About Publications Library Archives
Smith, JOHN, settler ; born in Willoughby, Lincolnshire, England, in January, 1579. From early youth he was a soldier, and for four years he was in wars in the Netherlands. Returning home, he soon went abroad again to fight the Turks, distinguishing himself in Hungary and Transylvania, for which service Sigismond Bathori ennobled him and gave him a pension. Serving under an Austrian general in besieging a Turkish fortress, he performed a wonderful exploit. One of the Turkish generals sent a message to the Austrian camp, saying, ” I challenge any captain of the besieging army to combat.” Smith was chosen by lot to accept it. They fought in the presence of a multitude on the ramparts. Smith cut off his antagonist’s head. A second appeared and suffered the same fate, and then a third, whose head soon rolled in the dust. The combat ended, and when Smith was ennobled he had upon his coat of arms, in two quarterings of his shield, three Turks’ heads, with a chevron between the two upper ones and the lower one.
Taken a prisoner by the Turks, he was sent, a slave, to Constantinople, where he won the affections of his young mistress. He was sent by her to her brother in the Crimea, with a letter avowing her attachment. The indignant Turk cruelly maltreated Smith, when the latter one day slew his taskmaster, put on the Ottoman’s clothes, mounted a horse, and escaped to a Russian port on the Don. The account he gave of his personal exploits was most remarkable.
On his return to England, Bartholomew Gosnold persuaded Smith to engage in founding a colony in Virginia, and at the age of twenty-seven years, already greatly renowned, he sailed for America, Dec. 19, 1606, with Captain Christopher Newport, who commanded three vessels that bore 105 emigrants. He was accompanied by Gosnold, Edward Maria Wingfield (one of the London Company), George Percy, Rev. Robert Hunt, and other men of property. The voyage was by the southern route, and was long and tedious. Captain Smith’s conduct on shipboard was boastful and arrogant, and quarrels with him were frequent. At the Canaries, Wingfield charged him with conspiring to usurp the government in Virginia, and make himself king. There was no head to the company at sea, for the silly King, with his love for concealment, had placed the names of the councilors in a sealed box, which was not to be opened until they should land in Virginia. Some of the passengers, believing Wingfield’s charge to be true, confined Smith and kept him a prisoner until the voyage was ended. A part of the company landed on Cape Henry, at the mouth of Chesapeake Bay, had a skirmish with the Indians, and that night the box was opened, when it was discovered that Smith was one of the council. But he was rejected.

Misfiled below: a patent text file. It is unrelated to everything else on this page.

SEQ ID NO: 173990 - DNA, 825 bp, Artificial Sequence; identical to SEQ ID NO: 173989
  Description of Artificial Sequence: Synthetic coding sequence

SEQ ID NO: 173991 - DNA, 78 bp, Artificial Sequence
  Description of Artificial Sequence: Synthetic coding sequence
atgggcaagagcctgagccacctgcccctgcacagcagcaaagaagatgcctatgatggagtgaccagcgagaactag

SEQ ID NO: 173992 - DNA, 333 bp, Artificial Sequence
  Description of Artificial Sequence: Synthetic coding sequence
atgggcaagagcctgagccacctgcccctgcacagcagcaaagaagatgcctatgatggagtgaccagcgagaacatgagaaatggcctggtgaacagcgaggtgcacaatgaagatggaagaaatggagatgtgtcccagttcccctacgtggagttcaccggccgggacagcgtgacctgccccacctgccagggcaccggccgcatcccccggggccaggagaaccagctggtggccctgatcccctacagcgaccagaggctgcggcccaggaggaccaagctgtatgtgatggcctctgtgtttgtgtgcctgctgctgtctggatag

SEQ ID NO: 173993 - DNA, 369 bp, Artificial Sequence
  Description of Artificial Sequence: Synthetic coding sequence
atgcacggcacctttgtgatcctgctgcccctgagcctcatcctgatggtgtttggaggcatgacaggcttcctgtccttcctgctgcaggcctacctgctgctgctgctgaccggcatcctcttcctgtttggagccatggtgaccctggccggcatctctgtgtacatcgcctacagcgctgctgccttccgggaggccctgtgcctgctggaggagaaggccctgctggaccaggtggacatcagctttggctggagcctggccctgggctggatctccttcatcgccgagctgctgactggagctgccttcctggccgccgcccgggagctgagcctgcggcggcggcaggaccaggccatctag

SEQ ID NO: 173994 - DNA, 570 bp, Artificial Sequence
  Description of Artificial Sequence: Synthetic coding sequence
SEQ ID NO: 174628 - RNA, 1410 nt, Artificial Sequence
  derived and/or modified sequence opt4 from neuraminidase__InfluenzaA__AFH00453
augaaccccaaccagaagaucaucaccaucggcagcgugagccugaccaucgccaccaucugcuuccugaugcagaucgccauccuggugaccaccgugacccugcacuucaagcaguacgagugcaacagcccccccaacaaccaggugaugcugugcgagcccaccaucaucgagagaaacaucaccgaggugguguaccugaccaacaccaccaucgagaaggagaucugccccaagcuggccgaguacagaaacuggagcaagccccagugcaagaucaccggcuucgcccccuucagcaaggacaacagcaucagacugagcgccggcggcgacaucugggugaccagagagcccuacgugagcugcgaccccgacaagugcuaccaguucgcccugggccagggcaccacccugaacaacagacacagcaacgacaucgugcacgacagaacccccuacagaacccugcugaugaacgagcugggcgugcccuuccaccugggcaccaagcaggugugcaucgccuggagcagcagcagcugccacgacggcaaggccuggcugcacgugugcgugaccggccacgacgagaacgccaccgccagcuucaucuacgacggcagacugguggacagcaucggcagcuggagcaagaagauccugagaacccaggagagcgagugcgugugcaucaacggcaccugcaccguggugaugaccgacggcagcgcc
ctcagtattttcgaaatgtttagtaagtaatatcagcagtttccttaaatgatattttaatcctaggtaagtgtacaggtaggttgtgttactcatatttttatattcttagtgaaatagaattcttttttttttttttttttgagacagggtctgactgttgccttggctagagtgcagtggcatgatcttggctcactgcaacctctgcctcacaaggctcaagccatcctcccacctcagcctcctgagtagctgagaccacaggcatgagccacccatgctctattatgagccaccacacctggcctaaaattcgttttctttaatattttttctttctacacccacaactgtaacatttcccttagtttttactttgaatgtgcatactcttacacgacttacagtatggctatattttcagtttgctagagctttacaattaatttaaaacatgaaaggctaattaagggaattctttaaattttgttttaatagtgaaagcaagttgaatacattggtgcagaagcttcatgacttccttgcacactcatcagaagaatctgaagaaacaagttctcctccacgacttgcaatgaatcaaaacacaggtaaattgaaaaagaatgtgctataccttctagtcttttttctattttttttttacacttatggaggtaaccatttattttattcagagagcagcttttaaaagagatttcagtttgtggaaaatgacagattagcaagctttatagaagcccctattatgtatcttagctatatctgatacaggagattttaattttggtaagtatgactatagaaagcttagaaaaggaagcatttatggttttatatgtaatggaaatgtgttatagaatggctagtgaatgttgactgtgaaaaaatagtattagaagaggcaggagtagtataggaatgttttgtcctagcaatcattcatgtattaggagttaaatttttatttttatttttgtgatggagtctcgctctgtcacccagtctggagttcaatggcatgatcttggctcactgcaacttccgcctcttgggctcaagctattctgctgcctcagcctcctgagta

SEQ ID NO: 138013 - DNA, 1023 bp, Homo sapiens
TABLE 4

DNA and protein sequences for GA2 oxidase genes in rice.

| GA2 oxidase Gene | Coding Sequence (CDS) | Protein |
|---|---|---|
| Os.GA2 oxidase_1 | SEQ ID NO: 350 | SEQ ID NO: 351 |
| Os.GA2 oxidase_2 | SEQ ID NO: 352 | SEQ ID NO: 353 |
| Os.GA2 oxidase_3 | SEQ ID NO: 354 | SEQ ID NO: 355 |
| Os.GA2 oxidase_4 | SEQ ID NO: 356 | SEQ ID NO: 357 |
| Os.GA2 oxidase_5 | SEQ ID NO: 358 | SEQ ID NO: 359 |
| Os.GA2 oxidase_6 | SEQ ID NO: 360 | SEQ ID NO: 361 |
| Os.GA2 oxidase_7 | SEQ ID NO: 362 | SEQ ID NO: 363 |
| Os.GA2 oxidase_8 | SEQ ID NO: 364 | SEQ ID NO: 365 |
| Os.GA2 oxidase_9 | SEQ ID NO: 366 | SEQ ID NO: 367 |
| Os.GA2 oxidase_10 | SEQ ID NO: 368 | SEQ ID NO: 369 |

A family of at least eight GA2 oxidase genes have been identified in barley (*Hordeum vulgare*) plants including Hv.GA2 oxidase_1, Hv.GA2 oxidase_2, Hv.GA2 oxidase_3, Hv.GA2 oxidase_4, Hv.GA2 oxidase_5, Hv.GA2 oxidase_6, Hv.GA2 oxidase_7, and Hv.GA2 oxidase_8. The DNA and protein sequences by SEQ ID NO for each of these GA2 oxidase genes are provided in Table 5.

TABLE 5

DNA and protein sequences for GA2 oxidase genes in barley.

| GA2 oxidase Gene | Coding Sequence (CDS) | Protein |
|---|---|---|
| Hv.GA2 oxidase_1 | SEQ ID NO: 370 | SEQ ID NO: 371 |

After resting at Point Comfort, at the mouth of the James River, they went up that stream, and landed where they built Jamestown, and chose that for the seat of the new empire. Captain Smith, with Newport and twenty men, explored the James River as far as the falls, the site of Richmond, and made the acquaintance of Powhatan, emperor of thirty Indian tribes. They returned and found the government organized by the choice of Wingfield as president, who, to get rid of Smith, proposed that he should return to England with Newport and avoid the disgrace of a trial. The indignant soldier demanded an instant trial. His innocence was proven, Wingfield withdrew the charges, and Smith took his seat in the council, when that body demanded that the president should pay Smith £200 for false imprisonment. All of Wingfield’s property was seized to pay it, when Smith generously placed it in the public store for the use of the colony.
Sickness prostrated the colony before the close of summer. At one time there were scarcely ten men who could stand up. It was discovered that Wingfield was living on the choicest stores, and was preparing to desert the colony in a pinnace Newport had left when he returned with the ships to England for more emigrants and supplies. He was deposed, and one weaker and as wicked (Ratcliffe) was put in his place. The settlers now took the management of affairs and put them in Smith’s hands, who soon brought order out of confusion, made the Indians bring stores of corn, and had the colony well supplied with food for the ensuing winter. But one-half of the emigrants had perished by the end of summer. Among the victims was Gosnold. The company had instructed the leaders of the colony to explore every considerable stream in search of the coveted northwest passage. Smith smiled at the ignorance of the company, but gladly undertook explorations. He went up the Chickahominy in an open boat to shallow water among the swamps of the Virginia peninsula. Leaving the boat in charge of part of his company, he with two others and two Indian guides penetrated the forest, when Smith was seized by natives under Opechancanough, king of Pamunkey, an elder brother of Powhatan, and conducted to the presence of the emperor at Weroworomoco, on the borders of the York River.